Saturday, September 27, 2008
As necessary as we felt that this purchase was, it was still a difficult decision to make because of the expense involved. Then, when I looked at the brochure that the wood stove salesman left behind, I started wondering if the wood stove that we were considering really had any cooking surface at all, because in the picture, the top of the stove looked curved. The salesman had assured us that there was a five-inch lip on the model that we were considering, but I wanted to see it and be sure. We loaded up the children and took off to the store. He showed me on a different model of stove how the top really is, and it turns out that the stove has a flat ledge that didn't show up (at least I couldn't see it) that would work nicely to heat things up in a small pan in an emergency. It would be nice to have more room on the lip of the stove to cook, but we will just have to make sure that we have multiple pans that will fit on the surface, so that we can make the most of the heat if necessary.
We could have ordered a more expensive model that puts out more heat, and is a little more efficient, but there would have been little advantage to it because of the way that our house is configured. Fortunately, the gentleman we were dealing with had originally come out to our house, and pointed out that both models would basically heat the same amount of area. So, while we plan to start using the stove as soon as necessary once we get it, in an emergency, when it would be our only source of heat, we would probably limit ourselves to that space and do all right. It's a large space, but definitely not the entire house. It could, if necessary, be blocked off with blankets in the doorways to keep the heat confined more efficiently. This is all new to me, so we'll have to see how it works out. Of course, you always hope that you won't find yourself in an emergency in the first place...
So we soon will be the owners of an alternative energy source. This is good, because winter was particularly brutal in our area last year, and hopefully this will also decrease our energy costs in the long run if we have a repeat of that kind of weather. We saw an ad in the paper about aspen firewood, and we saw a lot where they were selling firewood today, at the same price/cord as in the paper, although I don't know what kind of wood that it was. If anyone has any advice/ knowledge about the best kind of firewood, feel free to share--it would be appreciated. One of the best things about the wood stove insert? We now have more options. You gotta love choices... :)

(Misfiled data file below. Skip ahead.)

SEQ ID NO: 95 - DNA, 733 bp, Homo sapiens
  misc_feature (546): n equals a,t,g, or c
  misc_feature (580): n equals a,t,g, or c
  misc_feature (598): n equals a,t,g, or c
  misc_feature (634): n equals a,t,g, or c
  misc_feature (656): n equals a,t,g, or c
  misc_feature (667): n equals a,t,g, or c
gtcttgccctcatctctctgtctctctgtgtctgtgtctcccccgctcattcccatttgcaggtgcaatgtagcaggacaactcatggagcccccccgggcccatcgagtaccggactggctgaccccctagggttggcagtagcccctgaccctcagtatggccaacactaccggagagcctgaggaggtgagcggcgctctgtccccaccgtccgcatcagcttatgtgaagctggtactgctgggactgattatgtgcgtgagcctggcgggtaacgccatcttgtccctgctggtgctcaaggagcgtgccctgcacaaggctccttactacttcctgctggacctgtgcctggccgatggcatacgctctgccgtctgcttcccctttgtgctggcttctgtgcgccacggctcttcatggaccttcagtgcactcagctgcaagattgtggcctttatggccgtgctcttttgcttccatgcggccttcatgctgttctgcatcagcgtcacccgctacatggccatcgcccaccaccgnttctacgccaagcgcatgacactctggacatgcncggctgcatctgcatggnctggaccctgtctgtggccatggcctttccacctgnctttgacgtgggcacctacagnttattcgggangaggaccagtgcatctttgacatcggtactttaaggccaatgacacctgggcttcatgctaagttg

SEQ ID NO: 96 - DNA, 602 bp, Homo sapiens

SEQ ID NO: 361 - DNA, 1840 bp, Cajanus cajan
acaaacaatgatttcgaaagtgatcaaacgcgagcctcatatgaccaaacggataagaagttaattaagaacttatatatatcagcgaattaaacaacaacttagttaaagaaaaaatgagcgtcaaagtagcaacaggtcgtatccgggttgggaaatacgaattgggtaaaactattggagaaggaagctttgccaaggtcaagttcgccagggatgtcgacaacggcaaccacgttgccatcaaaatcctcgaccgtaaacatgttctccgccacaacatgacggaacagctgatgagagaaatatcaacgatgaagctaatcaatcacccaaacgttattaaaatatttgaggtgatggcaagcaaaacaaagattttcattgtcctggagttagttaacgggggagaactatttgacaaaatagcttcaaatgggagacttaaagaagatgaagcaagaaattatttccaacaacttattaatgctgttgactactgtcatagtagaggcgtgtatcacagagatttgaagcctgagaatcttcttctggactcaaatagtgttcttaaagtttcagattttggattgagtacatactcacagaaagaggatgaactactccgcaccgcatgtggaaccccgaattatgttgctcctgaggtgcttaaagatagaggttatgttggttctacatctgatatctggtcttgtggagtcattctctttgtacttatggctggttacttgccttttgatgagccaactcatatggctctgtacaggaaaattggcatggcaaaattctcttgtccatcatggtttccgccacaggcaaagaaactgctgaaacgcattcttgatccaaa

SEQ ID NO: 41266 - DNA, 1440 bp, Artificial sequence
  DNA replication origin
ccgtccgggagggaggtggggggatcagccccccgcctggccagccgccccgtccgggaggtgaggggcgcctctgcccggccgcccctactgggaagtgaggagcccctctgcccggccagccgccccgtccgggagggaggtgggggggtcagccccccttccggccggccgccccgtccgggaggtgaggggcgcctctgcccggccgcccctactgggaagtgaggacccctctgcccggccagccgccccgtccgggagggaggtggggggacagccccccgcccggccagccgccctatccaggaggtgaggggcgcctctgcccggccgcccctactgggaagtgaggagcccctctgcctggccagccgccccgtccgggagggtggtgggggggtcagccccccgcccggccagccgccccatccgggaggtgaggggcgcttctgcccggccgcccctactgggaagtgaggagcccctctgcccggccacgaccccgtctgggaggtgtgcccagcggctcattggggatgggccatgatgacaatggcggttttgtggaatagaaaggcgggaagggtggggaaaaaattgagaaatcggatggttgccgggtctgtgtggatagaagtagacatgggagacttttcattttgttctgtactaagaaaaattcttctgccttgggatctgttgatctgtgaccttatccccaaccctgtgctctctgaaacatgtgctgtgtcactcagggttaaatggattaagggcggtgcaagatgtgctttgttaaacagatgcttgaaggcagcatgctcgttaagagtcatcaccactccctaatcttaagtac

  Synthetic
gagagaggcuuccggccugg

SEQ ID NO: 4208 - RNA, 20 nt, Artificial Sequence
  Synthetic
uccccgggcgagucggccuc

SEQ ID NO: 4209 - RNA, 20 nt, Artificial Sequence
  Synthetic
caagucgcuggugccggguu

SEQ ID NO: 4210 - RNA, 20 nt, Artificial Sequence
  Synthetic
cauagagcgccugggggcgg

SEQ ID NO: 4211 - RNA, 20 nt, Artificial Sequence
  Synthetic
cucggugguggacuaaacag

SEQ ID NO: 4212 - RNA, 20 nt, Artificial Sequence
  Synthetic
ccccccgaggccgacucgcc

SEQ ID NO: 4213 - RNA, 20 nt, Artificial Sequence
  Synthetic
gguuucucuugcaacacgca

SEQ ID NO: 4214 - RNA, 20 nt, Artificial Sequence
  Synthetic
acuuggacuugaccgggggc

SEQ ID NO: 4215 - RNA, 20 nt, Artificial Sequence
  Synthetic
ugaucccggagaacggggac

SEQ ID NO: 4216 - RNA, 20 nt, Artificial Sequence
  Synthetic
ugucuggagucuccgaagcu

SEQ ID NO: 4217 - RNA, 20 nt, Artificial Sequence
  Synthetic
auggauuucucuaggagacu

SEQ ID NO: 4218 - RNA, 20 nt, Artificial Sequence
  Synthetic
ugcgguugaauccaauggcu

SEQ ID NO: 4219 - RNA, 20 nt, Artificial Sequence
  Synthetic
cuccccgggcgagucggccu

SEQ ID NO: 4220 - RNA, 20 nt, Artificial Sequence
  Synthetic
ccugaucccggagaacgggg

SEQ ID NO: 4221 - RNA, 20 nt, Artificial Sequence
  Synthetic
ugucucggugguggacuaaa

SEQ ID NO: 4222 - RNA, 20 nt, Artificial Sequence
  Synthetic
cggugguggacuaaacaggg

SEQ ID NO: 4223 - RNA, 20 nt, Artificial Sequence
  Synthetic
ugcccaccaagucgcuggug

Friday, September 26, 2008
If you are just starting on your food storage, I hope that you have made progress on it, or have made plans to make progress on it. I really hope that more and more people are putting some food away--even if it is only a little bit, it will be a little bit more than nothing. In my opinion, it is best to start out with the staple foods. If you don't have any idea where to start, you might want to consider the following:
--Some of my earliest posts on this blog, (in May) where I point out amounts for one year for one person for the grain, legume, fats and oils, milk, and sugars groups. You will see that there are also amounts for the miscellaneous group found in the sugars post, and the explanation for how I arrived at these amounts can be found in the grain group post, repeated here for your convenience:
We went to http://www.providentliving.org/ a while ago now, (to give credit where credit is due) and found out what we would need for 12 months to feed our family. It has been so long now that I can't remember if we counted our children as adults or not, but dividing the amount they told us for the various foods by the number of people listed, (and rounding up--wouldn't you always like to have more than less in an emergency situation?) at least what's below will give people an idea of what one person would need to have to survive for a year.
You can take the amounts listed on these posts and store them for one person at a time, or multiply them to arrive at an estimate for how much you would need for the number of people you think that you would be responsible for in an emergency situation. If you want even smaller amounts you could use for survival, you may want to consider the information found in a more recent post (September 20th) where the "bang for your buck" is spelled out in terms of beans and rice. The amounts listed there and above would be just for survival, but if you don't have them now, and you go out and get them, you will have made progress. Also from the September 20th post are these words of wisdom: We can all do this for our families a step at a time, not going into debt to do it. (Italics added.) I am not advising you to go into debt. I am just hoping that more and more people will get prepared. One of the reasons I started this blog was that I don't want my children to go hungry in an emergency situation. Another reason is that I don't want your children to go hungry in an emergency situation. I just hope that we all can continue to make progress to meet the goal of being as prepared as we can be.